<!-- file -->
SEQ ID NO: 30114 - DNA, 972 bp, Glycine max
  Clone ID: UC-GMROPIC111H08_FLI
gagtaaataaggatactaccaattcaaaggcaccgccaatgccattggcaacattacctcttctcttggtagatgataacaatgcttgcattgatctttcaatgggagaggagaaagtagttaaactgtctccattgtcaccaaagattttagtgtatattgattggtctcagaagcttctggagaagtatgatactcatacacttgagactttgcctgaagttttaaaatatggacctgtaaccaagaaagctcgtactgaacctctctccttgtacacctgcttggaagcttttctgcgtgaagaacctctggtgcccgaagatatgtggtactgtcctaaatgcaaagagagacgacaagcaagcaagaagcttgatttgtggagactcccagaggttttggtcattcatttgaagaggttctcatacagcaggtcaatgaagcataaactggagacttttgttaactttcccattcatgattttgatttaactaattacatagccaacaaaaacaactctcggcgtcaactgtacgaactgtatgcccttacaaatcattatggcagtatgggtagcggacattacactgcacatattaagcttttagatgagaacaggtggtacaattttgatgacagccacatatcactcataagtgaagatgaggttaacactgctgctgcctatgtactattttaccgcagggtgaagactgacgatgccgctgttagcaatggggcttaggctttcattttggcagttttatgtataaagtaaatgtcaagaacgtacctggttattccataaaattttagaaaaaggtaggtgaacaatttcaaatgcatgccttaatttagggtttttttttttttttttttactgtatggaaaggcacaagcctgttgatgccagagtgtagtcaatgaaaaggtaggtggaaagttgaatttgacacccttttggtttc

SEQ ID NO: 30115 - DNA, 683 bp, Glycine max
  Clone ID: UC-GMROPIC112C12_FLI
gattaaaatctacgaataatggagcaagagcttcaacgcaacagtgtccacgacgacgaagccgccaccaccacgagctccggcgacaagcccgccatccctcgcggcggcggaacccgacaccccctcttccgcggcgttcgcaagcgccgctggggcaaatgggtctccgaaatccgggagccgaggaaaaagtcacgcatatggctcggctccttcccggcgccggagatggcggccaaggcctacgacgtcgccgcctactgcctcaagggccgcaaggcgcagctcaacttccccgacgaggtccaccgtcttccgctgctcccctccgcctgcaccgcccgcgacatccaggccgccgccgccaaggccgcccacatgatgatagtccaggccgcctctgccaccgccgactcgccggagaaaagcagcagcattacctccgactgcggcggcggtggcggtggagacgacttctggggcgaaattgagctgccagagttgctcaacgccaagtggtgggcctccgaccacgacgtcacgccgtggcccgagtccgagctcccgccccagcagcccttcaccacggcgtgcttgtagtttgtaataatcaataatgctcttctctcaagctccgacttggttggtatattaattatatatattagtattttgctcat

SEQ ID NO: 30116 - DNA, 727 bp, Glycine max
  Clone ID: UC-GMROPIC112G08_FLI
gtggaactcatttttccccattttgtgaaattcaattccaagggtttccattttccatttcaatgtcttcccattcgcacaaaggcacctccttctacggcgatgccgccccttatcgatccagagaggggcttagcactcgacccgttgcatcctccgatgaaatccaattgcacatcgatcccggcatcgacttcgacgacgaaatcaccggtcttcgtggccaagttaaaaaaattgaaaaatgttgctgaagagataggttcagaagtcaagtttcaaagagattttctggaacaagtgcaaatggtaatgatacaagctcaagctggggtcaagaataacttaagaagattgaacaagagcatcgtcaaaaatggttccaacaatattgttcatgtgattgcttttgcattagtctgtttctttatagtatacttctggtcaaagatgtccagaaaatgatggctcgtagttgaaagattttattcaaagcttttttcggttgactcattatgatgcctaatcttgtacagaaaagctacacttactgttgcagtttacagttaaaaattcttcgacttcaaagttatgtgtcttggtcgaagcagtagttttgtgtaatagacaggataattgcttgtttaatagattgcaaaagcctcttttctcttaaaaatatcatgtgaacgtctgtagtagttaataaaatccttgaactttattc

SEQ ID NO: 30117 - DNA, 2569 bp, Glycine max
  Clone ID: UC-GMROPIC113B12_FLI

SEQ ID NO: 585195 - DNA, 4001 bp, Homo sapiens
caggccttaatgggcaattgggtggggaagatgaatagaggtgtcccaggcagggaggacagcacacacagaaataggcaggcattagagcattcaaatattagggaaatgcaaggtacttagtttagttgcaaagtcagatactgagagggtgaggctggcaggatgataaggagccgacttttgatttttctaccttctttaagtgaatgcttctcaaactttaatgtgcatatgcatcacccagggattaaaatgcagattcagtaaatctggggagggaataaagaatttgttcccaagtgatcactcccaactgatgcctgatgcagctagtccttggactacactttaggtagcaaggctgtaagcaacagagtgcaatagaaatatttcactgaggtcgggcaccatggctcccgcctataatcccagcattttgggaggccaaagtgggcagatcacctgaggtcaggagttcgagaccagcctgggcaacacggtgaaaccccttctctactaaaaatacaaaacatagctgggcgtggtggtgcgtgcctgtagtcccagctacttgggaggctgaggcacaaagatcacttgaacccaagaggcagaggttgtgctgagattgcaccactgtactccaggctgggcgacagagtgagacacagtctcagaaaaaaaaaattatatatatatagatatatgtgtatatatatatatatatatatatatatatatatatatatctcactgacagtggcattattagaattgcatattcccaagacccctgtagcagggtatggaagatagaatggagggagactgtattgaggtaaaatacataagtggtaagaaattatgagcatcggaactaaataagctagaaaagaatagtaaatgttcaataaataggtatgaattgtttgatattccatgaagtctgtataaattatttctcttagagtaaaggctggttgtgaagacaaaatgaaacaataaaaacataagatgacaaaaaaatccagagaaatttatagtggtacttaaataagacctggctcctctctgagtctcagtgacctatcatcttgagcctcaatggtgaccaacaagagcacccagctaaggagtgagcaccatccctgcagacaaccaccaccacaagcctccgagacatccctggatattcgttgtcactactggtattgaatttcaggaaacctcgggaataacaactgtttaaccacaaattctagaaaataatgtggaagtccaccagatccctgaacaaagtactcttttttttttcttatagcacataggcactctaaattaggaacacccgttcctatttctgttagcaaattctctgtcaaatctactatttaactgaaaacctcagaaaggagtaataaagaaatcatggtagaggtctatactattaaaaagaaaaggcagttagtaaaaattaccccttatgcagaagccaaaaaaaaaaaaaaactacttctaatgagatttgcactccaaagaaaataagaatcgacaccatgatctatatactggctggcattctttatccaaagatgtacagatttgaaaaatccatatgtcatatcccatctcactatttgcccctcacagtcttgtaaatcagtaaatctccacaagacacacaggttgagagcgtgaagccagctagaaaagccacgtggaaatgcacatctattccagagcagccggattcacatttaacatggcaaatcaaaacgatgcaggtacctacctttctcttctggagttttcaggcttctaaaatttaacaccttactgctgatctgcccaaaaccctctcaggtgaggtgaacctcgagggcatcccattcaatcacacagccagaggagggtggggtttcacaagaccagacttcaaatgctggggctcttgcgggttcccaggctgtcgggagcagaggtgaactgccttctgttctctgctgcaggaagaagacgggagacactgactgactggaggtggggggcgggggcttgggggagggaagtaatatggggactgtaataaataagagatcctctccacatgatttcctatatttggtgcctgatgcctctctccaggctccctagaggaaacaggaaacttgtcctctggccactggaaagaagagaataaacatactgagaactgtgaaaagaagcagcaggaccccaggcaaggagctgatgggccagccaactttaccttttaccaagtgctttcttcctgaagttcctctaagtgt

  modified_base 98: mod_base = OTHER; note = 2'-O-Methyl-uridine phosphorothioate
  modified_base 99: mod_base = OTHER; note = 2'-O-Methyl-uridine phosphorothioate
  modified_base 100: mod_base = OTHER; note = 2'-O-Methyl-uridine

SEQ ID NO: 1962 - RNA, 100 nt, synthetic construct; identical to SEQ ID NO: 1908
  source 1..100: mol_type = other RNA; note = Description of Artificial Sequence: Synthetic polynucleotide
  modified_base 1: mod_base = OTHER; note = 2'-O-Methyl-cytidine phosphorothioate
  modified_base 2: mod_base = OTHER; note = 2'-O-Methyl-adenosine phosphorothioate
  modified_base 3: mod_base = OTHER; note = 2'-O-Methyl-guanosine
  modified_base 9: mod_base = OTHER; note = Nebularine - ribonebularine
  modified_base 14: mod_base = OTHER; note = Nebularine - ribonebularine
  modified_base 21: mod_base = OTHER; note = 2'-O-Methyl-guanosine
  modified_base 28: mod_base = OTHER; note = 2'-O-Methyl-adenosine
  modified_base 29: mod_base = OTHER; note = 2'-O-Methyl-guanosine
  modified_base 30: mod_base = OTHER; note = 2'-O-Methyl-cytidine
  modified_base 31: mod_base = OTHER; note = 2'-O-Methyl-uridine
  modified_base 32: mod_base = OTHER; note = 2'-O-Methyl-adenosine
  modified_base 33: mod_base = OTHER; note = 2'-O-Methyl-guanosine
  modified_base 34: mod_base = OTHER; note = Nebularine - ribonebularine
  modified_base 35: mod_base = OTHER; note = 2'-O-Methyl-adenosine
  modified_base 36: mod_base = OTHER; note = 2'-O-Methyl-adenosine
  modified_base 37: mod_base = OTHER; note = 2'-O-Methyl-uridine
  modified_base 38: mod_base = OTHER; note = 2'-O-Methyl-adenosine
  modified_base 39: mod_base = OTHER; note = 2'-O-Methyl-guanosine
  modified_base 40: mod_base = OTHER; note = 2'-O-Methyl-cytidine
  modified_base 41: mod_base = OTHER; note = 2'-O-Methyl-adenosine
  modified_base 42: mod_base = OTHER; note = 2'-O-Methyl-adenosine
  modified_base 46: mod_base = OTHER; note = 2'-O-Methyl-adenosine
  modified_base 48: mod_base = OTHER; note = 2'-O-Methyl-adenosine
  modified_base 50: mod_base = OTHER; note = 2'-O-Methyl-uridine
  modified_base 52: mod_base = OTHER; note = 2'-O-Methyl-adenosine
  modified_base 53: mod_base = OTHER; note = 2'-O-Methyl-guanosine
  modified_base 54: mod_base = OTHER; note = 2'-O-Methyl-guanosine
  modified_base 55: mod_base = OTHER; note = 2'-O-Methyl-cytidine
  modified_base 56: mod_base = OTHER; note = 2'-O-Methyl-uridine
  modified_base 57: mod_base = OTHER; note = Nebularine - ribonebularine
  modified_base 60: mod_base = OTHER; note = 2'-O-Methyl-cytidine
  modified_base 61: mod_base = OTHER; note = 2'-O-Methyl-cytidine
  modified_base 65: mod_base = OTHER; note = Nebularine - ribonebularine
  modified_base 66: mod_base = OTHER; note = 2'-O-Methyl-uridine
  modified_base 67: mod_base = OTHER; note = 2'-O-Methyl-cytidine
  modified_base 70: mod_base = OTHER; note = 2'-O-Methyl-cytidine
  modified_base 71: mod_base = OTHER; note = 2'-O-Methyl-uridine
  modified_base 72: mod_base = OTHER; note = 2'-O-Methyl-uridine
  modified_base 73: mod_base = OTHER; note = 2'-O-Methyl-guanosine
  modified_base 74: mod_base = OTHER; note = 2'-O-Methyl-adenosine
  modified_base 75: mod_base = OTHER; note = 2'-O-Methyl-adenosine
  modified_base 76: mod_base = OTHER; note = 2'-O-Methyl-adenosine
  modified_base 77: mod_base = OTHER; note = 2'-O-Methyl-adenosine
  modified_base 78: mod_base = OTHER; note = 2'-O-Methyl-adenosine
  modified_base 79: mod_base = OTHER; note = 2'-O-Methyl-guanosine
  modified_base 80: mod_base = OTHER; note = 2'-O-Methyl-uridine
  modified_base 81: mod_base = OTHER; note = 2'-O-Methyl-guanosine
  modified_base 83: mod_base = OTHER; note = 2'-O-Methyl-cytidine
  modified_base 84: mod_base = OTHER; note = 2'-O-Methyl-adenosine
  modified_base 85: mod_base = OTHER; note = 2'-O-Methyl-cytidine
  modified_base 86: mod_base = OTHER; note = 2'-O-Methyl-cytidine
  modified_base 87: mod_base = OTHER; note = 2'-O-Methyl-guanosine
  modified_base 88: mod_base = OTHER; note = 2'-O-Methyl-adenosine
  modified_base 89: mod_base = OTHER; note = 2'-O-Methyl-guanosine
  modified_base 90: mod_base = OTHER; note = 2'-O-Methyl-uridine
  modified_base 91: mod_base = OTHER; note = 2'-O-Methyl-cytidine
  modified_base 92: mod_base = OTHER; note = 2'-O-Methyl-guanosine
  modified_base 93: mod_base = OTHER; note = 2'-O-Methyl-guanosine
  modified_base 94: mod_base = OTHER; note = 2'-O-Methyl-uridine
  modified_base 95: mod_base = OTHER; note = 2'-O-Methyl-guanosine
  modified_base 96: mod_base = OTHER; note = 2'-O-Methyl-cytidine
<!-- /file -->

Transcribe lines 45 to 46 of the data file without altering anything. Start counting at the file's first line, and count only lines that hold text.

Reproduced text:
  modified_base 54: mod_base = OTHER; note = 2'-O-Methyl-guanosine
  modified_base 55: mod_base = OTHER; note = 2'-O-Methyl-cytidine